We just installed a MacSpeech Dictate on the iMac. I’m using it right now to type this review. I have to say, having used it just a bit, it is an awesome program.
When I first installed the software, I had to train it by reading a few sentences. That only took perhaps five minutes. Then I was ready to go. I goofed around for a few moments, trying to think of sentences to throw at it. I was curious how well it understood church jargon, so I made up a few sentences about the Trinitarian controversy and about Tertullian. It was funny that the speech software knew how to spell Tertullian, which the Mac’s spellcheck service underlined in red.
I was trying to think of a real world test. Here’s what I decided to do.
I recently finished a book called Visioneering, by Andy Stanley. Whenever I read a book, I underline things that catch my interest as I go along. That way, the next time I read the book, the highlights will jump out at me. What occurred to me was that I could read those highlights into the computer and then I would be able to grep on them.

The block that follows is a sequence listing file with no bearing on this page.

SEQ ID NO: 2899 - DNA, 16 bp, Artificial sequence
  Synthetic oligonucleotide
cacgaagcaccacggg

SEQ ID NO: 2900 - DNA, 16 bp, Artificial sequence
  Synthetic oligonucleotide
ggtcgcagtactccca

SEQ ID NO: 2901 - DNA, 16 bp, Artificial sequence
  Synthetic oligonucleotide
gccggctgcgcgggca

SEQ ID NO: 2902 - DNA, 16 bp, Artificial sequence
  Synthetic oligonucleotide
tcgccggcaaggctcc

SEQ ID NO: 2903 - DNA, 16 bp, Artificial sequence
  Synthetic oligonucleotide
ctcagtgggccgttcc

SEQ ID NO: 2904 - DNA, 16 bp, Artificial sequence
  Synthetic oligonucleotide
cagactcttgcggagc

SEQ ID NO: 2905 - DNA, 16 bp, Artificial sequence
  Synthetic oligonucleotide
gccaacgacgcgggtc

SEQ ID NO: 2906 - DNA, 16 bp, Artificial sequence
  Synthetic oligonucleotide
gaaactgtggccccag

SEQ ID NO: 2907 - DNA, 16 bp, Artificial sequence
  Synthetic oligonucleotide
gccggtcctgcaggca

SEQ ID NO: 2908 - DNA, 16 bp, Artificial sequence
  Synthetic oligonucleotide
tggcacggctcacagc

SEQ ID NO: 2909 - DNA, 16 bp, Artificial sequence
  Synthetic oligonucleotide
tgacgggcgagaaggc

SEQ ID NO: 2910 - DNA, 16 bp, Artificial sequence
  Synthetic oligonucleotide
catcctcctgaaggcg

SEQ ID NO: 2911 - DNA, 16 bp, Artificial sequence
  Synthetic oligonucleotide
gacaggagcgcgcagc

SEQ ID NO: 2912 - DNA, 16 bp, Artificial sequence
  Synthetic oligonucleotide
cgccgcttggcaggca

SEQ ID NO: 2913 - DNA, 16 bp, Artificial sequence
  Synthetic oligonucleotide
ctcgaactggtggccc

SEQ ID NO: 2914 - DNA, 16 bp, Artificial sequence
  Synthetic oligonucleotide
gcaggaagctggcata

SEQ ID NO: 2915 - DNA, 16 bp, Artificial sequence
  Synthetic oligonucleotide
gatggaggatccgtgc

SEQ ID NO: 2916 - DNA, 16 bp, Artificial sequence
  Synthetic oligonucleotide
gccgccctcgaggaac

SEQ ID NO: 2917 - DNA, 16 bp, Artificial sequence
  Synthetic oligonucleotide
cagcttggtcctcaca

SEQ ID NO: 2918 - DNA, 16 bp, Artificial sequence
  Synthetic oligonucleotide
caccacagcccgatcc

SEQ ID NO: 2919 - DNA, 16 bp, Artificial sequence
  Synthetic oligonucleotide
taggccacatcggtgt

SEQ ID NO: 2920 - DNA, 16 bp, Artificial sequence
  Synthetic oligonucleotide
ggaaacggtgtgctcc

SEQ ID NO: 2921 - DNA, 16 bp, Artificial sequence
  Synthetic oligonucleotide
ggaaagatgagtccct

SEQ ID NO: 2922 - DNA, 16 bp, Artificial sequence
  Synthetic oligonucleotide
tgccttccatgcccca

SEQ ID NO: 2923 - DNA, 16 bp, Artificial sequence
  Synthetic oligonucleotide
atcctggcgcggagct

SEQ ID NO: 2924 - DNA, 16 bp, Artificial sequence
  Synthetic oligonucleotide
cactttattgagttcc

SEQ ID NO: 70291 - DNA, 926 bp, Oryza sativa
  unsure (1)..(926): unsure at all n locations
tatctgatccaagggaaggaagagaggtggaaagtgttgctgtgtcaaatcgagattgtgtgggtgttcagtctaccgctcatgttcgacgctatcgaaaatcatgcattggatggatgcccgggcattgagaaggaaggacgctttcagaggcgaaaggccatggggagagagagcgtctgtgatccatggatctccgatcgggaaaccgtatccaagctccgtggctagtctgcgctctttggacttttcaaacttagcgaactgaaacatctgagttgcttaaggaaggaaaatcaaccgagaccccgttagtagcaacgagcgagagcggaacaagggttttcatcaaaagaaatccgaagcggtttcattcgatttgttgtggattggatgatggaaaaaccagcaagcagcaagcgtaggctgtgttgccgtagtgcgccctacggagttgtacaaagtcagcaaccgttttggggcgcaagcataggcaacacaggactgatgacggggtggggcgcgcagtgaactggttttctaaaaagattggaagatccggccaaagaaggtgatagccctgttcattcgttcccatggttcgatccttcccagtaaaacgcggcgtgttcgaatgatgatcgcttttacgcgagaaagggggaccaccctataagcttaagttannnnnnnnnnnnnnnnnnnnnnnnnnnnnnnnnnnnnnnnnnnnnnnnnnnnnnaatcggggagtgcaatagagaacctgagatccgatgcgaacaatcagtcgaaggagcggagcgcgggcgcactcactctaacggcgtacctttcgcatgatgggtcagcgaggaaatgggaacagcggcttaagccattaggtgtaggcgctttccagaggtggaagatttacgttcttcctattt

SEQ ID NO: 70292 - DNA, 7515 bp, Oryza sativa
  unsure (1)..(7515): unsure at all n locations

So I did it. I flipped through the whole book, reading everything I’d underlined. There were 97 quotes totaling 1808 words. Reading them in took me about 30 minutes. (Mind you, I’d never used this software before, nor any other voice recognition software.)
But the truly amazing thing is that one of my children was in the next room playing “Lego Star Wars” the whole time, with the volume turned up to 11.
Maybe the reason I’ve had such good luck is because of my Princeton trained voice. After all, I’m a preacher: I use my voice every Sunday. Maybe that’s why the software was able to understand me so well. But considering the technical vocabulary I was using and the noisy environment, I’m still impressed with how good this software is. I look forward to getting a copy to use at work.
I got rid of the behemoth.
When I moved my day off from Friday to Monday, I still wrote my sermons on Friday, but no longer on my day off. As a result, I no longer wrote them at home. Which in turn meant I came home with all kinds of bursitis and odd aches and pains from trying to type a few thousand words in a couple of hours at a non-ergonomic workstation. Ergo, the stand-up desk (“bar table”) I use at home must be more ergonomic than the gigantic desk at church.
So for my birthday, more or less, Mrs. Mess of Pottage bought me a new desk. My arms feel better, but my feet are sore. (The blue shock-absorbing mat at the bottom of the desk is a late-afternoon addition.)